May 1st will mark a new era for the Whitney when its brand new home along the High Line swings its doors open to the public for the first time. A project that has been decades in the making, the $422 million structure designed by Renzo Piano is a game changer for a museum that had long outgrown its Upper East Side space. Boasting a whopping 220,000 square feet of column-free spaces, this glass and steel behemoth is a dynamic assemblage of shapes and angles, and perfectly outfitted to host the Whitney Museum’s 22,000 works and then some. Though the museum won’t officially open for another few days, this morning 6sqft joined a trove of celebrants at the pre-opening preview of the new High Line-hugging masterpiece. Take an exclusive photo tour with us inside ahead.
Architect Renzo Piano addressing the crowd
Unlike many of his contemporaries, Piano’s projects have always steered clear of following a signature style or “starchitect branding” to make his work identifiable, instead, the architect has always put site context and function above all; you can see this in his design of the California Science Center, the New York Times building, and even with the Jean-Marie Tjibaou Cultural Centre in far flung New Caledonia. The new Whitney is no exception.
The building features generous and flexible exhibition spaces, floor-to-ceiling windows and outdoor staircases that connect to open-air terraces on three floors—and it does not stand alone. All of the elements of the structure were designed to connect the museum to the city, referencing its views and its history. The architect was also very adamant about creating an inviting piazza for the city—much like he did with Richard Rogers with the Pompidou Center in Paris—which can be seen in the museum’s expansive steps and gracious entrance. “There should be no barrier between the city and the building,” Piano said this morning.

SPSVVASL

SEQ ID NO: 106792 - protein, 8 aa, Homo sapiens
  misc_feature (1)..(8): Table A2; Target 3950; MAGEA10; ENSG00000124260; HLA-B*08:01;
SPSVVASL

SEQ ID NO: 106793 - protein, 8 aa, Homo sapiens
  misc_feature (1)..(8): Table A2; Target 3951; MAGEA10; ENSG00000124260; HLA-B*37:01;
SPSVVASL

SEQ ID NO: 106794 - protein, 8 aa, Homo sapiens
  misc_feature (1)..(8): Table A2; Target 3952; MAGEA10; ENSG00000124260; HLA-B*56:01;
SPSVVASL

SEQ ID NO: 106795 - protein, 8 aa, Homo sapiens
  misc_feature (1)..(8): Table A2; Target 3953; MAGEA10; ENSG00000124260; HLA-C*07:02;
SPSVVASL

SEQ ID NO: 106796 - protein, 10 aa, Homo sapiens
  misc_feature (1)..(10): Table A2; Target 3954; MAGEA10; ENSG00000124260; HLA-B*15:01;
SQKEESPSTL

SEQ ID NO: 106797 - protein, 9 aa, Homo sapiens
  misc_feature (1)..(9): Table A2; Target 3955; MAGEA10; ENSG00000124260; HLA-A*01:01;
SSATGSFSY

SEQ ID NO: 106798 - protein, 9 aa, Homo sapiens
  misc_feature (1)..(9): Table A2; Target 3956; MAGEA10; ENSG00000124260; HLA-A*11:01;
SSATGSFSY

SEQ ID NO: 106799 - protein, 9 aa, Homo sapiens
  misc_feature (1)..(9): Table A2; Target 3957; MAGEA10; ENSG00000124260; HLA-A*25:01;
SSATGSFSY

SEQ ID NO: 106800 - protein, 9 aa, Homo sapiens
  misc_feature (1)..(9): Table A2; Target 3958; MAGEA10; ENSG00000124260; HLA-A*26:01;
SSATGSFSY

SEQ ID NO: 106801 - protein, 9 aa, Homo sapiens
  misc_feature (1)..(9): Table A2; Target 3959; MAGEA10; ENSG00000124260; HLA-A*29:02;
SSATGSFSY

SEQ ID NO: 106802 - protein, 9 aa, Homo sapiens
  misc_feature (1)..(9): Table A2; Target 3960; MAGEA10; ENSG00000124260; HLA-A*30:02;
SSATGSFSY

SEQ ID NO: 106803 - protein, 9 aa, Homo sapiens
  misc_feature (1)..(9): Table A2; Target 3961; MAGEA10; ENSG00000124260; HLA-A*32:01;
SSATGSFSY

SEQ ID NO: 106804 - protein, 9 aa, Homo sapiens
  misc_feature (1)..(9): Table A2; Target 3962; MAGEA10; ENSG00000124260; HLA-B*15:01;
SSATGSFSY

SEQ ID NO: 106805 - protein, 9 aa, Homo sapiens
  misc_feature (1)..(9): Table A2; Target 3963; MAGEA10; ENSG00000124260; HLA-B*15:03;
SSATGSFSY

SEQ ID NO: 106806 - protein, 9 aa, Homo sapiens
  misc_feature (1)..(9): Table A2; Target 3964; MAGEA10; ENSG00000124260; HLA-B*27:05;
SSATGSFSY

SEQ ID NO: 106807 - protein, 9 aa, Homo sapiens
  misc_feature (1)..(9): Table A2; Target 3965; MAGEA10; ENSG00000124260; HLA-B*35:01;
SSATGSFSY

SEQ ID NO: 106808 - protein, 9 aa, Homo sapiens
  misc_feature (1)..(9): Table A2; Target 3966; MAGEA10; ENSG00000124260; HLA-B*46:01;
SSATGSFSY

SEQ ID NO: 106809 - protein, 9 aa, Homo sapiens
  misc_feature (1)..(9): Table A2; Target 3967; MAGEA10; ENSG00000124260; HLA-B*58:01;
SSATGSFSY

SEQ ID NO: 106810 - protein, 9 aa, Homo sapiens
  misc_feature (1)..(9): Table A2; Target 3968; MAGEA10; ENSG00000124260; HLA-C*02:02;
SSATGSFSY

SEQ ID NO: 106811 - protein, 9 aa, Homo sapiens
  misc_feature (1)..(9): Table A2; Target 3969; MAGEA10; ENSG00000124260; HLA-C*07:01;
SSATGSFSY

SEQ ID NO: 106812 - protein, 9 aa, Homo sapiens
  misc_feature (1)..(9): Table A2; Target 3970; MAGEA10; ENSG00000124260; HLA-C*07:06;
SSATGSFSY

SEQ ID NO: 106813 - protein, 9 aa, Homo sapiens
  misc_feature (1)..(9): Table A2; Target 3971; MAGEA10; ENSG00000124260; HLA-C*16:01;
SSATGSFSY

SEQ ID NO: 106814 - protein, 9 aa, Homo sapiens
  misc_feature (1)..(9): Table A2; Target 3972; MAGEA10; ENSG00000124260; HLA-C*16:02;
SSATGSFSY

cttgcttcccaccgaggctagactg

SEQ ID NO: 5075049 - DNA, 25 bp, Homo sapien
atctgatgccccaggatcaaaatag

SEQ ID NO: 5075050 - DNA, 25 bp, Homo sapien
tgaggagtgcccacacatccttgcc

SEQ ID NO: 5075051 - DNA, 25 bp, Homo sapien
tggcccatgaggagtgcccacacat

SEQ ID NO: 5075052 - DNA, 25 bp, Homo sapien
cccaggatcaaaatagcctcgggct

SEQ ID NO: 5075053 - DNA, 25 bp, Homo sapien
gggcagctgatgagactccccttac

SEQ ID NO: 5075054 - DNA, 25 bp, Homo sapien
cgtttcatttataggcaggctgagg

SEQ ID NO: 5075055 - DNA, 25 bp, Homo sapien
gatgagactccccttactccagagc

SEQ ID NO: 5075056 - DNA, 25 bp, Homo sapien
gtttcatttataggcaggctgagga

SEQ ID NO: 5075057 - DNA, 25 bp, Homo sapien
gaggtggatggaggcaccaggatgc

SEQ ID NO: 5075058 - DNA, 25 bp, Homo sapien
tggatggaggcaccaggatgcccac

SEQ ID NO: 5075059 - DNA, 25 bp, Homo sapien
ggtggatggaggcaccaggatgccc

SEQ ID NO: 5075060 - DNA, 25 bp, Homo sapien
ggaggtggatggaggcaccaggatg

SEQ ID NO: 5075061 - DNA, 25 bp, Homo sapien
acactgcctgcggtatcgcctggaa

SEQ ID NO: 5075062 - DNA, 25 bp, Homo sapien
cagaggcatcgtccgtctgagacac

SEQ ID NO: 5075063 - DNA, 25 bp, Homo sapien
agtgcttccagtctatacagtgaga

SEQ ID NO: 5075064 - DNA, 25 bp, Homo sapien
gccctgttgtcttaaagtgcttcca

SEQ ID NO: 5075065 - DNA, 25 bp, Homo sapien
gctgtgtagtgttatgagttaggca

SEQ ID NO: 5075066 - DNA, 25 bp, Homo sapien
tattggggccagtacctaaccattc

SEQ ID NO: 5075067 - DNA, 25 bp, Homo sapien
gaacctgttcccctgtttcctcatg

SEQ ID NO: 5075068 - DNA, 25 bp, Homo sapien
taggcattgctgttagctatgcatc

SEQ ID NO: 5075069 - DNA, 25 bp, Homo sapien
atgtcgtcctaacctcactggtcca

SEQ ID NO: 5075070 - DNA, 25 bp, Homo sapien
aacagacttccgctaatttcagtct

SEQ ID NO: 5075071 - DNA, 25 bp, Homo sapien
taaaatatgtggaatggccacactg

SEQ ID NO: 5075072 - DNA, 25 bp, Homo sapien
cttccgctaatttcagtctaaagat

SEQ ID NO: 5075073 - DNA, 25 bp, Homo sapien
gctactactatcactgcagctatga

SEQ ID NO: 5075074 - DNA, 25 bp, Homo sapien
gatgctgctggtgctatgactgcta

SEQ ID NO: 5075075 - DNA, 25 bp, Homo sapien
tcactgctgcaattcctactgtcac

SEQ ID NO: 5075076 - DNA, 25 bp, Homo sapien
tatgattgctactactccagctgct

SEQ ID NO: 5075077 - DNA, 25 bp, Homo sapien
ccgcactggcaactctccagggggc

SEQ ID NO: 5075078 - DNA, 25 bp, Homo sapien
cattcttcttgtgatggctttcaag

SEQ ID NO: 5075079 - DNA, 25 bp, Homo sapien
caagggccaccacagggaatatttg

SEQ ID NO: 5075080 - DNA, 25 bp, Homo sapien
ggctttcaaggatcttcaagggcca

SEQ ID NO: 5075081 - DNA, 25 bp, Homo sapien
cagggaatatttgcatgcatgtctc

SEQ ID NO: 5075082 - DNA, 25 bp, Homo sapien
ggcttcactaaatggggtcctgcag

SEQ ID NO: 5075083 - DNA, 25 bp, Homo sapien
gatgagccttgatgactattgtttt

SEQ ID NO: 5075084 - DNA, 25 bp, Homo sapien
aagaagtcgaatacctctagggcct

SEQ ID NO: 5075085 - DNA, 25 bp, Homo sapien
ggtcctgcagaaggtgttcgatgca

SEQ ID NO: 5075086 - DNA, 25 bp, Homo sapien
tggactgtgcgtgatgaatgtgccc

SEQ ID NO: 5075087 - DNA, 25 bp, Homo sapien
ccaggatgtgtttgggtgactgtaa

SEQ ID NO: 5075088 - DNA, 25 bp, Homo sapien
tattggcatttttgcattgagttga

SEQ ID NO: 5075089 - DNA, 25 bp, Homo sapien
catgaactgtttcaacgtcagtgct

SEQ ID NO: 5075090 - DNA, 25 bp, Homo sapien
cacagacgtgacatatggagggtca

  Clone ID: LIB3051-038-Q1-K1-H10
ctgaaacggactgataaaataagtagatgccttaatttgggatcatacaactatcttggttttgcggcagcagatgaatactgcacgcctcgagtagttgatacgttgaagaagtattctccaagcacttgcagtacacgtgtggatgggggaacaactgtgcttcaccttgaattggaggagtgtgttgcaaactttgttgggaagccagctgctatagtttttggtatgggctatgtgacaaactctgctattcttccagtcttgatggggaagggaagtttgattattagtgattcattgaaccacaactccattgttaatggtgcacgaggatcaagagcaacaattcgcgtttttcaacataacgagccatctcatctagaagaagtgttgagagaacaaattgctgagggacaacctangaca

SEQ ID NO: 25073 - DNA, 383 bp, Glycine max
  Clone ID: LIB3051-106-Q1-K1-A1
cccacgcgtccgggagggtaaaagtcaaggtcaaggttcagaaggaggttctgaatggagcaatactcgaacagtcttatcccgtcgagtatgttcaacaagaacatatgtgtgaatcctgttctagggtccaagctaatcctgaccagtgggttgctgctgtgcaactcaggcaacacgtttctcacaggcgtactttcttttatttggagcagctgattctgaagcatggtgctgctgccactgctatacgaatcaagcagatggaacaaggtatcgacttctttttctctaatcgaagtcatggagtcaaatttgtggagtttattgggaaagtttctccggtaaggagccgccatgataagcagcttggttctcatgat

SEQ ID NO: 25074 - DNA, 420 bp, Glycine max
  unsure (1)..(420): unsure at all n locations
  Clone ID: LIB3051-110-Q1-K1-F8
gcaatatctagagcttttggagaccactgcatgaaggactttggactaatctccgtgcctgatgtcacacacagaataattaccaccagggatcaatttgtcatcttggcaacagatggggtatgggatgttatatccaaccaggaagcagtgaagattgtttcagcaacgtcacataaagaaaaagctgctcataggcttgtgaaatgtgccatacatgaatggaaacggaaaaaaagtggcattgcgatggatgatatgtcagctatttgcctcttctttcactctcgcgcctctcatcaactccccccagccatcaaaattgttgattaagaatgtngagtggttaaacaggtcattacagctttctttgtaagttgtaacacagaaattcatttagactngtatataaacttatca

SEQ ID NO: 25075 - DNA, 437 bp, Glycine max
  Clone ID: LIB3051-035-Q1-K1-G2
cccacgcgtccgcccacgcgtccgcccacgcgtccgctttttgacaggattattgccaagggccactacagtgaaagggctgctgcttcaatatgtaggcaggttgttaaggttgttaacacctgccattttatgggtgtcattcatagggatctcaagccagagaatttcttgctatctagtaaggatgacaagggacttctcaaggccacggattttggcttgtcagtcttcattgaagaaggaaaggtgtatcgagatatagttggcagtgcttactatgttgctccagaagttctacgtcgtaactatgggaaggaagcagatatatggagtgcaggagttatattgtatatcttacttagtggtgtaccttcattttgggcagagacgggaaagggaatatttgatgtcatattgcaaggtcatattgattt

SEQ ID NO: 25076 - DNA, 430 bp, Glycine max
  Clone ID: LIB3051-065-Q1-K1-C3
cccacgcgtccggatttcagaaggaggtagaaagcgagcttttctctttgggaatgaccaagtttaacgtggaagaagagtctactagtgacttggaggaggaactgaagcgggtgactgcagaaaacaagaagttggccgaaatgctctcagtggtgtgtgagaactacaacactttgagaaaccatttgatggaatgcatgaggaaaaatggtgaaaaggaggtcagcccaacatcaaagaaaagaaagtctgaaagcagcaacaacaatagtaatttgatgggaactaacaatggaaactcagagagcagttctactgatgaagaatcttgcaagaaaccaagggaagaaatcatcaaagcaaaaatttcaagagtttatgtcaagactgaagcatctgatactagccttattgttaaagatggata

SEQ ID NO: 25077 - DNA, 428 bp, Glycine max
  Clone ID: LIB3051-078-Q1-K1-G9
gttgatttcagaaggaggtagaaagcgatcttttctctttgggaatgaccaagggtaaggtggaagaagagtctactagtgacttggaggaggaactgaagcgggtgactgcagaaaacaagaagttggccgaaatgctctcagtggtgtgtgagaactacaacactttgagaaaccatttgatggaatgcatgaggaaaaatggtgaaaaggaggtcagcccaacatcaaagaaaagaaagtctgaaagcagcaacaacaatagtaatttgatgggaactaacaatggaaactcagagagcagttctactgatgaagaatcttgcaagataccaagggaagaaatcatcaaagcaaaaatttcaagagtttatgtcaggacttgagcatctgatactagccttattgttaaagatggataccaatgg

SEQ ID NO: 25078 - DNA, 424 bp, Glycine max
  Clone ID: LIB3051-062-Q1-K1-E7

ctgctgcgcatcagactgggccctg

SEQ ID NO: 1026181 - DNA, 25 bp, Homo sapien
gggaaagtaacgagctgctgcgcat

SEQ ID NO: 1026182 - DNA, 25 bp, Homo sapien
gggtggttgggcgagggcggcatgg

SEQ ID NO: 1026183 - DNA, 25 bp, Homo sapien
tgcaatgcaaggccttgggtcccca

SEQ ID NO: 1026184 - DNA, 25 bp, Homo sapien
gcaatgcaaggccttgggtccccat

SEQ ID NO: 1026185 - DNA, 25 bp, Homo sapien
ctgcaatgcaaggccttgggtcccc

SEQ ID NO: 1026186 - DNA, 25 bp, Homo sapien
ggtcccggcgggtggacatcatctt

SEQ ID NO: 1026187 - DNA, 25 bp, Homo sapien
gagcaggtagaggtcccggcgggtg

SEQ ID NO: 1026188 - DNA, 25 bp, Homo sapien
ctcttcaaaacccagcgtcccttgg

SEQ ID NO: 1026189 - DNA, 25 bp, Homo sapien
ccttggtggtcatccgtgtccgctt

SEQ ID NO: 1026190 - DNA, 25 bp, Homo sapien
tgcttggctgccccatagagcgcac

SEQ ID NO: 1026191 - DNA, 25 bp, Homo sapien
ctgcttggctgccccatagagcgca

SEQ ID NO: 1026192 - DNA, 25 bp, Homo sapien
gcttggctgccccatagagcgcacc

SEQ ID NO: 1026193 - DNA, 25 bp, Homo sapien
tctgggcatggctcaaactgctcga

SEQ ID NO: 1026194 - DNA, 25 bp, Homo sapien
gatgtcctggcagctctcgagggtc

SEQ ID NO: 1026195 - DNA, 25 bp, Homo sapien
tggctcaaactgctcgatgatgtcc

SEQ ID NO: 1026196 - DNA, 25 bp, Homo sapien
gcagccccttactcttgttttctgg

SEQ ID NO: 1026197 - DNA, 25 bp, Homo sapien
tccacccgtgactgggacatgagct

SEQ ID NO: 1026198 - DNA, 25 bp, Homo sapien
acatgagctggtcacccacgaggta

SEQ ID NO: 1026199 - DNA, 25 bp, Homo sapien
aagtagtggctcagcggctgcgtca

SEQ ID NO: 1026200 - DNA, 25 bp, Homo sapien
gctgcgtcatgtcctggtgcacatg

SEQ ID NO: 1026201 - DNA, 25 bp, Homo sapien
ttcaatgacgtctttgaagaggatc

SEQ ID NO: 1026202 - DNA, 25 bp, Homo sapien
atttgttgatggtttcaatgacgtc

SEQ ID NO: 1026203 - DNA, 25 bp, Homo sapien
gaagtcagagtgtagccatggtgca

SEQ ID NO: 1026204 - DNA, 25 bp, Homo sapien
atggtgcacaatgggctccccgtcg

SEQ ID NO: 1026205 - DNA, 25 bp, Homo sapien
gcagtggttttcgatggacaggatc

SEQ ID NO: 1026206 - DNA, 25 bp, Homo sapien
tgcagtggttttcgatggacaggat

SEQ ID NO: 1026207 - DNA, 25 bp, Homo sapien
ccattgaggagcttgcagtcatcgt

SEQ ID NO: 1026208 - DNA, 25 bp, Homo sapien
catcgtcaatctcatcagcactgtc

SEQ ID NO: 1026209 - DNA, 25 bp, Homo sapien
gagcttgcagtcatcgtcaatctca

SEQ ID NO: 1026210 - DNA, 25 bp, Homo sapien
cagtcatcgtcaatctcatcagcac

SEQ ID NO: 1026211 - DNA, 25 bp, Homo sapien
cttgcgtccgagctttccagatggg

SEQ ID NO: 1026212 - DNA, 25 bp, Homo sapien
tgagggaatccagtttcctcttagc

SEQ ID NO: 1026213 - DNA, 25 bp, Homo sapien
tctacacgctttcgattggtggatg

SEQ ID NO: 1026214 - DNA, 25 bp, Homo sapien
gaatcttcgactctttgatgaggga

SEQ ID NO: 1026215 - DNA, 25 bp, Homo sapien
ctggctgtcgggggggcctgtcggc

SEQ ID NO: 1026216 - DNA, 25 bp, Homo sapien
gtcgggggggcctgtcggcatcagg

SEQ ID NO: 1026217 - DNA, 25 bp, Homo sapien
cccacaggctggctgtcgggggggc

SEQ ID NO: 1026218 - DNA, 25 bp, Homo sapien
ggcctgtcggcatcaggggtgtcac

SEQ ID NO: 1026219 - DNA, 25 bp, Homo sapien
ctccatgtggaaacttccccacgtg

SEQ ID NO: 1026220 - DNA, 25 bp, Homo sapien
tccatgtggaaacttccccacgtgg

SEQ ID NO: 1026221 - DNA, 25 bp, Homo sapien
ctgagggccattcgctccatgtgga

Though the building has received more than its fair share of criticism for its seemingly muted and stringent design, New York Times architecture critic Michael Kimmelman’s review offers a lot of food for thought:
Yes, it is a mishmash. But buildings take time to reveal their true selves. Mr. Piano’s galleries borrow from the old downtown loft aesthetic, with windows on both ends. They’re nonprescriptive spaces with artfully gridded ceilings for hanging movable walls in myriad configurations. They give the museum more elbow room and may prove to be the ticket: nimble and airy…
The new museum isn’t a masterpiece.
But it is a deft, serious achievement, a signal contribution to downtown and the city’s changing cultural landscape. Unlike so much big-name architecture, it’s not some weirdly shaped trophy building into which all the practical stuff of a working museum must be fitted.”
The inaugural exhibition of the Whitney will feature 650 works by 400 artists spread throughout the museum. The museum opens to the public on May 1st, and there will be a block party celebrating the new space on May 2nd, which includes free admission for all!
More photos here:
Whitney Museum of American Art
99 Gansevoort Street
New York, NY 10014
All images by 6sqft
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